Pointing to countries with a record of systematic persecution of religious minorities absent from the US list, the Foreign Office added: “The designation overlooks the significant achievements of Pakistan in the area of human rights. Pakistan is firmly committed to the promotion and protection of human rights including the right of religious freedom, under its constitution.”
However, Islamabad has reaffirmed its commitment to work “with the international community to ensure that internationally agreed standards on religious freedom are observed in Pakistan and the broader region.”
But Fair told Arab News that Pakistan deserved to be on the watch, reasoning that the country’s constitution “does not afford equal rights for Muslims and non-Muslims.”
“Non-Muslims are routinely victimized through the use of Pakistan’s horrific blasphemy law, particularly Christians. The blasphemy law is often used to murder families in an effort to take over their land or businesses. Ahmadis and Shi’a Muslims are murdered wantonly with no consequences for the murders.”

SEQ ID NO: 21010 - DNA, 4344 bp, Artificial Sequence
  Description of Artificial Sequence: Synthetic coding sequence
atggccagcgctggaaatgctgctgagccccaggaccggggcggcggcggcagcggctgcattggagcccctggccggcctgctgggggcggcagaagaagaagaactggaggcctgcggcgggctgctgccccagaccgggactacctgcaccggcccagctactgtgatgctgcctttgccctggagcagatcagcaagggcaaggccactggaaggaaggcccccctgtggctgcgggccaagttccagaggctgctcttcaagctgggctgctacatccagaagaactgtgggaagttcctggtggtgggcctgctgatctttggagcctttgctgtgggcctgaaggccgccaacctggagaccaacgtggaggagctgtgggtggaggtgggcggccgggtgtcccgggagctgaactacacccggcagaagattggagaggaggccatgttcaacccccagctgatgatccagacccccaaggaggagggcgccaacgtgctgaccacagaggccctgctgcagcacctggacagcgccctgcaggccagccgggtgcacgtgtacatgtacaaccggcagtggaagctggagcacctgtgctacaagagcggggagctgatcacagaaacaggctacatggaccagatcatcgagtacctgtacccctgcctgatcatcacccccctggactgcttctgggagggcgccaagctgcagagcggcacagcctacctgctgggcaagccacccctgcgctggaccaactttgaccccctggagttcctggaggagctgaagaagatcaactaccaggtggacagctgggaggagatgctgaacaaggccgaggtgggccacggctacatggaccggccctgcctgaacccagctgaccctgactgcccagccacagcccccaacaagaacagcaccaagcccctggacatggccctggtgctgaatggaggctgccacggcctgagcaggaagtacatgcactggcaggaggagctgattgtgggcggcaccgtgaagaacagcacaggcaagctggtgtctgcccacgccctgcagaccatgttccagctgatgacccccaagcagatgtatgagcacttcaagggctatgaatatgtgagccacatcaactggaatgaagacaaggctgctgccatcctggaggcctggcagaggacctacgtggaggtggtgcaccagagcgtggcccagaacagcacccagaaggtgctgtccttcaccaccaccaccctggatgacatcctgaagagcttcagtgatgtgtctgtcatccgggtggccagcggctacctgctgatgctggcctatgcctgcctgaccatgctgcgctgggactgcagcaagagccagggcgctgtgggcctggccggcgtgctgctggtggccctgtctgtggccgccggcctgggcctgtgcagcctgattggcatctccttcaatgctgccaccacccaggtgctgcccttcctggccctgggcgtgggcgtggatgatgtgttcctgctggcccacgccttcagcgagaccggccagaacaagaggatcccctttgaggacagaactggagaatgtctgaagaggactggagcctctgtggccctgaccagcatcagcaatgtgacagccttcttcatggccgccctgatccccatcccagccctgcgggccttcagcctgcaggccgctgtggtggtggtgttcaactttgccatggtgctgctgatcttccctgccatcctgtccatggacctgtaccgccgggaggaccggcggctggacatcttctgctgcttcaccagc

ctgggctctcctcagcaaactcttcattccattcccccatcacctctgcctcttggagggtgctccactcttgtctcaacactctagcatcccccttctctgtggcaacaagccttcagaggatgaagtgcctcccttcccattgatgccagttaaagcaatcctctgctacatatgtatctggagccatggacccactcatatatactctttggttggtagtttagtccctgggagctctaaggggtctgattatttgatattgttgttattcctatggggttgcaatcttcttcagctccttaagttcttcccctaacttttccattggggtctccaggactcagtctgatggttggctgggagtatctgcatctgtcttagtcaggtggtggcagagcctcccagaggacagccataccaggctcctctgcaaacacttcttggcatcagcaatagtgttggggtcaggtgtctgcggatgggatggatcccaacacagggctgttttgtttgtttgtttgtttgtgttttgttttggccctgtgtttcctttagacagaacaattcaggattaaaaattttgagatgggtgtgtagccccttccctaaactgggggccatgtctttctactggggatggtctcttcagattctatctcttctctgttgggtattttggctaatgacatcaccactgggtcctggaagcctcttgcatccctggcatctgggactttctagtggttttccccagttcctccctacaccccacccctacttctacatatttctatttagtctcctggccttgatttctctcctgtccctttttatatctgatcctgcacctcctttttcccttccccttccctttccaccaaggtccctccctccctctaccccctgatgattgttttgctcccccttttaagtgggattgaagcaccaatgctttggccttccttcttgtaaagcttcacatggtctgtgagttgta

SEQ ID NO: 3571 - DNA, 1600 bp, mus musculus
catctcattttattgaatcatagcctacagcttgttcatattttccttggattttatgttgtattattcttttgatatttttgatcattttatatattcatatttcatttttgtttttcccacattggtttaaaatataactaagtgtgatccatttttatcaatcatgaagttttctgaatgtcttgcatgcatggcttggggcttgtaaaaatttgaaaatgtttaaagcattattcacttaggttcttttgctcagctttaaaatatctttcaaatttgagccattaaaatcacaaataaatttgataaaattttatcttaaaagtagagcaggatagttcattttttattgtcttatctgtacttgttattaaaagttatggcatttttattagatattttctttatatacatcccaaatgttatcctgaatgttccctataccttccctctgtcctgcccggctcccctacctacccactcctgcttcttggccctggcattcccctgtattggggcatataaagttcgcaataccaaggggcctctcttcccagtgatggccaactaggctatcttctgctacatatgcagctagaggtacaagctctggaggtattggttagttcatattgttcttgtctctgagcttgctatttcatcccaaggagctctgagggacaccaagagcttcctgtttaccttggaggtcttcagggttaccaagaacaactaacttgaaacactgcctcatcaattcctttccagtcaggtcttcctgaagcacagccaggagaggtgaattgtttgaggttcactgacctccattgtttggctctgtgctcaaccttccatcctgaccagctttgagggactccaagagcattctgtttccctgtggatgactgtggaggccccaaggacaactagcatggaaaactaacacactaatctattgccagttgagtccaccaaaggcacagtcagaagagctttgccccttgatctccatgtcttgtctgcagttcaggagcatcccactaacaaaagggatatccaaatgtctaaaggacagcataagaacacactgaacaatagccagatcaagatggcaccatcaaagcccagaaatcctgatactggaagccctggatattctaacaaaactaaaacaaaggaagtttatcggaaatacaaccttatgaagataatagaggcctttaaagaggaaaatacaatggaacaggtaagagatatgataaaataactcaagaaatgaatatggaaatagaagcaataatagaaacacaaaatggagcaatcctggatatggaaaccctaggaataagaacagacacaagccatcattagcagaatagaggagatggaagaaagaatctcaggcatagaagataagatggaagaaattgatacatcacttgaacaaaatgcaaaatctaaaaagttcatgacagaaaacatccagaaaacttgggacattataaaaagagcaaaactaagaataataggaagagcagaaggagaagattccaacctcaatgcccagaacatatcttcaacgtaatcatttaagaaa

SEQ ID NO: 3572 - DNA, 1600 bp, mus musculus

Sufi shrines being attacked and its followers killed, and Hindu girls being “abducted, forced to convert to Islam and married against their will” all constituted religious violations which Pakistan’s “own human rights organizations have remarked upon.”
Analyst and legal expert Feisal Naqvi, who has worked on minority rights cases, explained that Pakistan already had ample laws to protect religious freedom of minorities.
“The only question is that of the implementation and enforcement” of those protection laws,” Naqvi told Arab News. He said that in recent years, public awareness of minority rights “has increased tremendously” and subsequently “protection will also increase.”